Consideration: Complementary Hexachords
Rather than thinking single-mindedly about the division of the 12-tone chromatic scale as four sets of triads (which may or may not form recognisable triad pairs), we can also imagine the chromatic scale as being divided into two sets of complementary hexachords – six-tone scales which are indeed represented by or constructed from two adjacent triads. Using hexachord patterns instead of triads will lead to more flexibility in melodic design and a smoother stepwise motion, which may encourage explorative lyricism and the incorporation of already-familiar improvisational ‘language’ with a serial twist.
For example, we may start with the tritone-separated triad pairs solution of C Dm Gb Abm and combine each pair into a hexachord:
Example 1. Strong-strong hexachord complement
|C – Dm||C||D||E||F||G||A|
|Gb – Abm||Gb||Ab||Bb||B||Db||Eb|
Note that as both hexachords are both diatonic and identical in construction, no one hexachord takes precedence. Additionally, in this context, since both hexachords are related to familiar (read: diatonic) melodic structures (construction being TTSTT, same as the first six pitches of the major scale) the musical result of combining these is likely to be relatively pleasant, and therefore it could be to our advantage to practice this hexachord pair as an extension of this serial improvisational approach.
These features of balance and pleasant musical effect will not always be the case, particularly in cases where one or both hexachords features adjacent semitones as part of the construction. The example below was derived from starting with a single triad pair of Cm Db (i-bII, relating to the minor Phrygian modes). I have suggested that the hexachord resembling the familiar Phrygian mode should be the ‘Primary’ (that is, that this hexachord pair would be used as an extension of contexts where the Cm Db triad pair would already be acceptable to use), and the remaining 6 pitches form the ‘Complement’, which cannot not produce a particularly strong or familiar triad pair sound.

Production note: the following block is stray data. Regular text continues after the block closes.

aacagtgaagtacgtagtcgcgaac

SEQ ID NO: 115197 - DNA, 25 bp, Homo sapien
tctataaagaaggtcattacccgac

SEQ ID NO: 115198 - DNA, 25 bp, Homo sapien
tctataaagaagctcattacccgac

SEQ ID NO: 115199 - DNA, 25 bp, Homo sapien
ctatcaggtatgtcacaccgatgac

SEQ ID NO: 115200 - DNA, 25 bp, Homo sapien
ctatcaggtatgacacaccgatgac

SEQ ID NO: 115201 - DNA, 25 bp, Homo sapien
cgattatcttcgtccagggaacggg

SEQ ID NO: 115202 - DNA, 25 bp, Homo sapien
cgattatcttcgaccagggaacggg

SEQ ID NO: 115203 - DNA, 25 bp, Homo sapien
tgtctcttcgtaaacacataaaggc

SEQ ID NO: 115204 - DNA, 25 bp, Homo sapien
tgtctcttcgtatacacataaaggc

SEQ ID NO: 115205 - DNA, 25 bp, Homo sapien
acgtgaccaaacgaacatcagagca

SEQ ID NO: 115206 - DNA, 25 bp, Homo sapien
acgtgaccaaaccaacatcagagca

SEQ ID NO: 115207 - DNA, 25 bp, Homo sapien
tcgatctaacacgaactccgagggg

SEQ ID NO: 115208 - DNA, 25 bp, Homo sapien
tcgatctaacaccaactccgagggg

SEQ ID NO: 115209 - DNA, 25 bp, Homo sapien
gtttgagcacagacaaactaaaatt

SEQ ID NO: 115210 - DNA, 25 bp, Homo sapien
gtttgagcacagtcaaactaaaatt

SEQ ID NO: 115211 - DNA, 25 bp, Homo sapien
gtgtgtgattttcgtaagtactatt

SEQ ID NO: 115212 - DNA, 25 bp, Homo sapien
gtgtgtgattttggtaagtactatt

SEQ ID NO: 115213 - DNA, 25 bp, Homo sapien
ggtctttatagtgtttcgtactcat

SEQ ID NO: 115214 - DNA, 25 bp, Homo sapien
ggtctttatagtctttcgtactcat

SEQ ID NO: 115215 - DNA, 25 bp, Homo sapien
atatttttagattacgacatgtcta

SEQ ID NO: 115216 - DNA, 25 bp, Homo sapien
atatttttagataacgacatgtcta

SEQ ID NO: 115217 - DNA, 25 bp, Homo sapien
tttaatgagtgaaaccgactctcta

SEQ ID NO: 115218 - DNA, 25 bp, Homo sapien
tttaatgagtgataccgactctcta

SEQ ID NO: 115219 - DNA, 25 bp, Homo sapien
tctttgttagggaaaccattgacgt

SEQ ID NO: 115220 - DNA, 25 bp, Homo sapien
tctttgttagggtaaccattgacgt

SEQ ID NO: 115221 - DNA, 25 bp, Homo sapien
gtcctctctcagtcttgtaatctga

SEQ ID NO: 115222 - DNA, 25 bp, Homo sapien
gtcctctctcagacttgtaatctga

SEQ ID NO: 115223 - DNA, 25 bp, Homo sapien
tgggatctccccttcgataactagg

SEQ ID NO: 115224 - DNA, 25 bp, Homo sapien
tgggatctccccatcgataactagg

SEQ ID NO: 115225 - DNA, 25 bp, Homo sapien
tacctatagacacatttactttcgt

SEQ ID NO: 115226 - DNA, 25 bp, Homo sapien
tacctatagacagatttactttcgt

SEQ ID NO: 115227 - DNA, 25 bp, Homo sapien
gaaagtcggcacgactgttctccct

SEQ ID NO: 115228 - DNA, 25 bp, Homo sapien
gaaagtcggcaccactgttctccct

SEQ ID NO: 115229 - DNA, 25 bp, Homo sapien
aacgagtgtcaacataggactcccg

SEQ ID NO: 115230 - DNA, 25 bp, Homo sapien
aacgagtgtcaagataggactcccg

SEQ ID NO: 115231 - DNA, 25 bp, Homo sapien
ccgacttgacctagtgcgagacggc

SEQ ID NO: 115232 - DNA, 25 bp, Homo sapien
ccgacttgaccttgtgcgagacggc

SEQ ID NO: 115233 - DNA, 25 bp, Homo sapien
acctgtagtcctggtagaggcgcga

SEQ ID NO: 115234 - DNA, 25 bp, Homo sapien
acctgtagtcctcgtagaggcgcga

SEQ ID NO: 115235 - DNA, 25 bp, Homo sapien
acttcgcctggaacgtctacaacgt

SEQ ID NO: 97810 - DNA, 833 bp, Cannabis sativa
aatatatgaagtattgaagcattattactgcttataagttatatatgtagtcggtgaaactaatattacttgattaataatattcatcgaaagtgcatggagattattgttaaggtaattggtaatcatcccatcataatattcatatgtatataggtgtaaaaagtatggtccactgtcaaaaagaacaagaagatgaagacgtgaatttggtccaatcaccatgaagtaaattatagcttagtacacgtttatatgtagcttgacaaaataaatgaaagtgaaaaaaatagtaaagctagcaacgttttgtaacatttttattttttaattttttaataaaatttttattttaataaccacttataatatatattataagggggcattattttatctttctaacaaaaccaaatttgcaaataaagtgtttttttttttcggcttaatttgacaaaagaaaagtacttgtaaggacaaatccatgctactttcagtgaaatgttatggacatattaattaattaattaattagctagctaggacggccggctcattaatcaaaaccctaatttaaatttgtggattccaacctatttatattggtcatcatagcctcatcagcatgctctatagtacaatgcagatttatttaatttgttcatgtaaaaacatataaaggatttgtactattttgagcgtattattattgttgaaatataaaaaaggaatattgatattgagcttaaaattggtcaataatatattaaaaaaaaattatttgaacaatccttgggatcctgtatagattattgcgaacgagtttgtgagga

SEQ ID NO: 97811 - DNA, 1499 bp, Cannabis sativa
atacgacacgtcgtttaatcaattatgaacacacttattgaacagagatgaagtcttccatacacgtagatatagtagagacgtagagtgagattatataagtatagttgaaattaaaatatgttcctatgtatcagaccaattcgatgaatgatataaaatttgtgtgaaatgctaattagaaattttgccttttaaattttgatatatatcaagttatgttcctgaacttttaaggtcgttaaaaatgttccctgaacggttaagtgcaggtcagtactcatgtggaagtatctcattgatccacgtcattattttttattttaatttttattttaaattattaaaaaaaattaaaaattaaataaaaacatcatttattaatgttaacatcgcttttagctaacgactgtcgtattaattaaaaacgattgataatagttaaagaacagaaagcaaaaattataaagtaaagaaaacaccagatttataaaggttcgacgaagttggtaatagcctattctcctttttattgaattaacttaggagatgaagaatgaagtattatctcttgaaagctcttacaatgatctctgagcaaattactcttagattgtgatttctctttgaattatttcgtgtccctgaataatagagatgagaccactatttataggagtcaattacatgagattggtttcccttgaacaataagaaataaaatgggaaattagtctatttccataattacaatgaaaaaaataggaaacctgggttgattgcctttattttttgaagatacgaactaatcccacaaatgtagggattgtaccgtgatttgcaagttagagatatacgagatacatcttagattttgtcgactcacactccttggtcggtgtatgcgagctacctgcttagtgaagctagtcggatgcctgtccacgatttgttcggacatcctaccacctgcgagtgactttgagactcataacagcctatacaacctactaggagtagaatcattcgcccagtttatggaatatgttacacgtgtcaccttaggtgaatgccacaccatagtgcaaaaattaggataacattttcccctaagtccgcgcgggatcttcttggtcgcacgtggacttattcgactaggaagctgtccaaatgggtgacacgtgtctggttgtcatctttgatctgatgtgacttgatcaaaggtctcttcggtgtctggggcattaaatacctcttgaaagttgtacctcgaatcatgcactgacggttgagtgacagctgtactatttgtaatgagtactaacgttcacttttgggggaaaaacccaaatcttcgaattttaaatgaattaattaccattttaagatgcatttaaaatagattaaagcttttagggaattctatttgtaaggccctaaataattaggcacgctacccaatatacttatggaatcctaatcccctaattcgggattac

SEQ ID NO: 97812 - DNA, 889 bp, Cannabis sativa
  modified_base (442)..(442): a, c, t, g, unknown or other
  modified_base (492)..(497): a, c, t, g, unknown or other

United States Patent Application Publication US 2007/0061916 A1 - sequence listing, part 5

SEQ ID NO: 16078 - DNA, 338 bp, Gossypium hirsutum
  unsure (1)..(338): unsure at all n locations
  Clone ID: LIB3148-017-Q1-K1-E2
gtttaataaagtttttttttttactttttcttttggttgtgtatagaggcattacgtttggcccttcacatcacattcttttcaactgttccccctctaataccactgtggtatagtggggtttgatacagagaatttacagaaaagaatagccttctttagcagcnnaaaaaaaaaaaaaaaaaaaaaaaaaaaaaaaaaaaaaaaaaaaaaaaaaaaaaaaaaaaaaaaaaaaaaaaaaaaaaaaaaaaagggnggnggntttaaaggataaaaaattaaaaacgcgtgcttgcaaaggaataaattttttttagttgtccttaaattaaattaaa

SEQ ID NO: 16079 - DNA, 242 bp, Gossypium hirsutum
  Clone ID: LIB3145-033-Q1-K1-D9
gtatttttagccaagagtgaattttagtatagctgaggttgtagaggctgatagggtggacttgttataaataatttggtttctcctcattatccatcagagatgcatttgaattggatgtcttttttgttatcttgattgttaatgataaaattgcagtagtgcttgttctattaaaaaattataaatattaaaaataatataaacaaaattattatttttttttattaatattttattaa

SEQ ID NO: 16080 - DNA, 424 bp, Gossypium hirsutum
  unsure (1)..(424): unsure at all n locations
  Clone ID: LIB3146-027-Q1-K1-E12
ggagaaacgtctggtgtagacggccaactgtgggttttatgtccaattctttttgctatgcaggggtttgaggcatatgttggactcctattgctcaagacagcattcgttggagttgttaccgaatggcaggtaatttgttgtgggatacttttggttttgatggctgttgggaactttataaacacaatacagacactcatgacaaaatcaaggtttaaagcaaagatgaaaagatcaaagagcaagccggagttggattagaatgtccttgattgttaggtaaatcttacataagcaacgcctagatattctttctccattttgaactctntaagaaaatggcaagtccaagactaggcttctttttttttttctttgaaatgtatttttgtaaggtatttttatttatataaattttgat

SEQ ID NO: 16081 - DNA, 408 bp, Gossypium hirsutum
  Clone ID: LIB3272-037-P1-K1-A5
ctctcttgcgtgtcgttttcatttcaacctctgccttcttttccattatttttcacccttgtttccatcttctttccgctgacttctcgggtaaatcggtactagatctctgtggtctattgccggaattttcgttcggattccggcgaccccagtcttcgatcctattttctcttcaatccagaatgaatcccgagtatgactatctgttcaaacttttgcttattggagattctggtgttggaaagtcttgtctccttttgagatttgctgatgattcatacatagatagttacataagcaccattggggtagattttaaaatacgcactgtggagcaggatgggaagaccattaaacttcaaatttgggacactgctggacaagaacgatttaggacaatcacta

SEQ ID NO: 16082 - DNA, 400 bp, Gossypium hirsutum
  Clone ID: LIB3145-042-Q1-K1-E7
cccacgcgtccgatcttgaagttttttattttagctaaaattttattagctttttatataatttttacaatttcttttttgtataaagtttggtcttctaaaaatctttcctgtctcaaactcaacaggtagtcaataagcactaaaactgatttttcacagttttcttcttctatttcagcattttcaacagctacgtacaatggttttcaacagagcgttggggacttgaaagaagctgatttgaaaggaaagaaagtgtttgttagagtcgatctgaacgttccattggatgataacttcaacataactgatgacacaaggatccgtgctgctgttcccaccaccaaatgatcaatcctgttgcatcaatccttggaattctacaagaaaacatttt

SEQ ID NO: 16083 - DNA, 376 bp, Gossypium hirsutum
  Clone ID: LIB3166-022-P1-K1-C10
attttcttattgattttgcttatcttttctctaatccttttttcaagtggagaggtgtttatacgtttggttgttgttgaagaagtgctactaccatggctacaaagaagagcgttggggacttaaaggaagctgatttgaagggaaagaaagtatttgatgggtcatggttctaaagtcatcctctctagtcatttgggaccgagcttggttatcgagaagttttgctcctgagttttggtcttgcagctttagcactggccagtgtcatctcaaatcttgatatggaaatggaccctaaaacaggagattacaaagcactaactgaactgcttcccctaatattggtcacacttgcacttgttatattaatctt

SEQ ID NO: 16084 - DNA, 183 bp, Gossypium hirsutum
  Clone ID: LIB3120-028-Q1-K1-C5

Example 2. Strong-weak hexachord complement
|Cm – Db|
N.B. my best solution for the complement triad pairs is D+ Esus4 – however it’s quite a complex sound with limited ‘standard’ applications!
Until now we have only considered hexachord complements as a by-product of starting with a familiar triad pair, around which to orbit our melodic designs. However, what if we take the opposite approach and start with a familiar hexachord? How about the blues scale? There’s a six-note scale that improvisers have been using continuously for over a century and to great musical result. So how does that hexachord complement look?
Example 3. Blues scale hexachord complement
|C Minor Blues|
Without trying this, it’s possible to imagine a rather happy result. Two relatively familiar structures – the C minor blues scale as primary, and something from A major as a complement. However, we mustn’t forget to consider the implications of a Locrian-based hexachord in the secondary position. Take some time to sit with this idea and consider whether there is a meaningful setting in which it may be applied.